science
It’s Surprisingly Easy to Trick People With a Disguise, Sneaky Study Finds

It could be much easier to pull off the perfect heist than you think. According to a new study from the UK, you don’t need to disguise yourself much in order to fool the average person into thinking they’re looking at someone else. It might even take as little as a goth makeover. Read More >>

facial recognition
Man Hiding Face From Police Facial Recognition Test Fined for Telling Cops to ‘Piss Off’

On Thursday, Metropolitan Police trialled a face recognition system in the East London town of Romford. The technology led to three arrests, according to The Independent. One individual was fined after an altercation that reportedly stemmed from his response to the facial recognition technology. Read More >>

security
Protesters Picket London Police’s Facial Recognition Van

This very out of place, unmarked, bright green, coned-off van bang in the middle of London's tourist and shopping district is rightly arousing suspicions, not because people think it might be packed with terrorists psyching themselves up enough to leap out and make everyone spill their festive lattes in shock, but because we know it's the Met Police testing mass surveillance/facial recognition technology on the ruddy-cheeked festive passers-by. Read More >>

ai
What’s Up With That Story About Secret Face-Scanning Tech at a Taylor Swift Show?

At a Taylor Swift concert earlier this year, fans were reportedly treated to something they might not expect: a kiosk displaying clips of the pop star that served as a covert surveillance system. It’s a tale of creeping 21st-century surveillance as unnerving as it is predictable. But the whole ordeal has left us wondering what the hell is going on. Read More >>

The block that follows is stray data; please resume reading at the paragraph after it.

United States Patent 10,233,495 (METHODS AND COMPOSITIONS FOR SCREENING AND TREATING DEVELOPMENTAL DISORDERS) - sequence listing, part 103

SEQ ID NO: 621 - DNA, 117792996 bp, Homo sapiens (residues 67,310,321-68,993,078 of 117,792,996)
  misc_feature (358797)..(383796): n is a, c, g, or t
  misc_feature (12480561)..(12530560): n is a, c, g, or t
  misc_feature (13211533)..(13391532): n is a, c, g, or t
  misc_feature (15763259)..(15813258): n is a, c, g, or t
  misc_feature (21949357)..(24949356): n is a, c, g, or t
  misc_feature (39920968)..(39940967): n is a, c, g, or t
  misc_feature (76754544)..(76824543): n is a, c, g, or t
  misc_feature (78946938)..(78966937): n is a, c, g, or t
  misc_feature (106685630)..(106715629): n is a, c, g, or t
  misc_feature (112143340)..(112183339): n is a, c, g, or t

amazon
US Lawmakers Ask Jeff Bezos for Information on His Facial Recognition Software, Less Nicely This Time

Late in July, American lawmakers sent a letter seeking details on Rekognition, Amazon’s in-house facial recognition software. Amazon wrote back, blandly, in August, but according to this increasingly impatient group of congresspeople, the company “has failed to provide sufficient answers.” Read More >>

facial recognition
London Tech Trial Will 3D Scan Passengers To See If They’ve Touched In

Updated 27/11: a previous version of this article incorrectly stated that facial recognition would be trialled in London. This is not the case. The article has now been updated to restore accuracy. Read More >>

amazon
New Documents Show Amazon’s Face-Scanning Tech for Cops Was a Headache From the Start

Earlier this year, Amazon’s facial recognition tech Rekognition—which can scan photos and videos and match them against databases of faces—faced a flood of criticism from Amazon employees, shareholders, and civil rights activists who argued that its use by government agencies was unethical or even dangerous. That backlash was spurred by an ACLU report showing how Amazon was working with law enforcement in America to market its surveillance tech—and now new documents provide more insight into how Amazon is giving this controversial tool to police. Read More >>

ai
British Supermarkets Will Test Using Facial Recognition to Verify Alcohol Buyers’ Age, Report Claims